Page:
The IoT is often treated as if it were magic. Businesses expect the IoT to improve operational efficiency, accelerate time to market, and reduce costs—often without knowing how they will achieve all these lofty goals.
The answer can come in surprising forms. Consider what you can do by combining GE Automation and Controls' Predix platform (Figure 1) with smart lighting.
Lighting and analytics may seem like an odd combination, but they can work together to address the need to scale rapidly. Let's start with lighting. Deploying IoT sensors often implies installation of sensing infrastructure from scratch. But it's wise to step back and see what elements of the required infrastructure are already installed, and may be reusable—and nothing is more ubiquitous than a light socket.
Smart lighting from Current by GE illustrates the point. These lights incorporate a variety of sensors within LED fixtures that can be deployed into existing infrastructure. The lights communicate to a gateway or other aggregation node using zigbee or other low-power wireless networking interfaces, making the entire setup highly scalable and easy to deploy.
On the software side, Predix provides a "Platform-as-a-Service" (PaaS) so developers can write once and deploy anywhere, at any time (Figure 2).
The key elements of Predix are:
- Predix Machine: The software layer used to collect data and push it to Predix cloud. It is deployed on gateways, controllers, and sensors, and can also run local analytics.
- Predix Services: These let developers build, test, and run industrial Internet applications. It also provides a microservices marketplace where developers can publish their own services and consume services from third parties.
- Predix Cloud: A global, secure cloud infrastructure that meets strict regulatory standards for critical industries such as healthcare and aviation.
To give an example of how this all comes together, GE outfitted its Greenville, South Carolina gas turbine factory with smart light fixtures. In this instance, the lighting sensors measure the air temperature near an assembly station, allowing factory workers to know when the part is cool enough to safely add the next rotor. This insight helps to minimize defects and eliminates the need to rework parts.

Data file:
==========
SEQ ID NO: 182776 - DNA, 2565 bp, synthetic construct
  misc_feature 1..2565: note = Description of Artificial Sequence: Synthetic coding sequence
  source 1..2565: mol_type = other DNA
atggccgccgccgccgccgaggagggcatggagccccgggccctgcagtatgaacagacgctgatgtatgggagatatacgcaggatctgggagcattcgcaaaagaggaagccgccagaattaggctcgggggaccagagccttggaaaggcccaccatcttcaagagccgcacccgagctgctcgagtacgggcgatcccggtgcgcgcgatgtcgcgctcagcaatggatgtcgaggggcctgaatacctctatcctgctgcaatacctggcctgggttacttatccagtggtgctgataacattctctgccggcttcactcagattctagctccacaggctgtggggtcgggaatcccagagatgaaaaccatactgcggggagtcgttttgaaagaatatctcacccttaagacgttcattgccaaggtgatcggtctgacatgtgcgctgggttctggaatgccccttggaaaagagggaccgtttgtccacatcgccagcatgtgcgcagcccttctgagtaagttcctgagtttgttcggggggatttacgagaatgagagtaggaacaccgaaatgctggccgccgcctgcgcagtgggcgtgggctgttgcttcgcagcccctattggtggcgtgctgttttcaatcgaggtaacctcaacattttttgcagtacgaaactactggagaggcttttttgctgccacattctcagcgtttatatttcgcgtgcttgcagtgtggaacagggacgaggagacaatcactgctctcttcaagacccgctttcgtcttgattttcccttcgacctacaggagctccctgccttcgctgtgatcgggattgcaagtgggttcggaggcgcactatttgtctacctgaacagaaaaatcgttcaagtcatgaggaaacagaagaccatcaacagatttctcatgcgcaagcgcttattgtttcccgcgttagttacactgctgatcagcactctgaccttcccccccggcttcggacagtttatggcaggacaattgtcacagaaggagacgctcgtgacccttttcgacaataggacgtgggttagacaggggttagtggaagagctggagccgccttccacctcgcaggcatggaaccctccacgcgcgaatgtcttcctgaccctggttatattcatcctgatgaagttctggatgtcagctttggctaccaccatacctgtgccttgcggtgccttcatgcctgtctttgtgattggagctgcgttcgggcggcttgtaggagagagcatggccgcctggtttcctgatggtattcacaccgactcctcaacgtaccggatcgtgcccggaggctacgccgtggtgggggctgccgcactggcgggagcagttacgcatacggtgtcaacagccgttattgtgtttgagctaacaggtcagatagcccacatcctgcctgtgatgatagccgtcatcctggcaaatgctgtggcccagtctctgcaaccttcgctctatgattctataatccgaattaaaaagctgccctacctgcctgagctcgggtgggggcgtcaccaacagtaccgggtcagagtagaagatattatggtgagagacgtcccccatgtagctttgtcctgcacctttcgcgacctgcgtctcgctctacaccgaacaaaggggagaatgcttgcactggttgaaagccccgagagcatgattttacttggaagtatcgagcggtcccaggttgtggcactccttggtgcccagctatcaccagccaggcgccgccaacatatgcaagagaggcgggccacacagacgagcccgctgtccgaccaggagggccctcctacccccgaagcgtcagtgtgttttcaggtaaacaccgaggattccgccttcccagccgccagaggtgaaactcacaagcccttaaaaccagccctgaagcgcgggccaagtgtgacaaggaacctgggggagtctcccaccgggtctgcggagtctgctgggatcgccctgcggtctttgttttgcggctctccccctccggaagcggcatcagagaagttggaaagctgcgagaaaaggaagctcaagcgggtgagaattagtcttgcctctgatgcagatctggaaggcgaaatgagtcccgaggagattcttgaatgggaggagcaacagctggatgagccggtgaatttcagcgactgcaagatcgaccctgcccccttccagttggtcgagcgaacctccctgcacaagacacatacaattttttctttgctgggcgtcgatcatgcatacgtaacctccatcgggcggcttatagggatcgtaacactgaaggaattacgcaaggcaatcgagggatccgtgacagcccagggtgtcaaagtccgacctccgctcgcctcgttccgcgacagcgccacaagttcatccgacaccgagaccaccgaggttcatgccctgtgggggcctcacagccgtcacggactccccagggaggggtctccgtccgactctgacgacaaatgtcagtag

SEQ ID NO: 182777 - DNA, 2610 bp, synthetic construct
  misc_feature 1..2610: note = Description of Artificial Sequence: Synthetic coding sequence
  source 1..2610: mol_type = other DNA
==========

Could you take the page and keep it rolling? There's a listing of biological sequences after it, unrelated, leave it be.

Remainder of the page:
The benefits to this particular facility included a 24% reduction in energy use, along with increased production worth hundreds of thousands of dollars.
The GE facility is an interesting example of how to leverage existing infrastructure to streamline IoT network deployment. Using this approach, along with Predix for data gathering, analysis, and cloud connectivity, developers can more quickly realize the IoT's potential to perform predictive analysis, reduce cost, and improve processes and system reliability.
About the Author
Patrick Mannion is a independent content developer and consultant who has been analyzing developments in technology for more than 25 years. Formerly Brand Director for EETimes, EDN, Embedded, Planet Analog, and Embedded.com, now part of AspenCore, he has also been developing and executing community-oriented online- and events-based engineer-to-engineer learning platforms. His focus is on connecting engineers to find novel design solutions and focused skills acquisition in the areas of Embedded, IoT, Test and Measurement, RF/Wireless, and Analog & Mixed-Signal Design.Follow on Twitter More Content by Patrick Mannion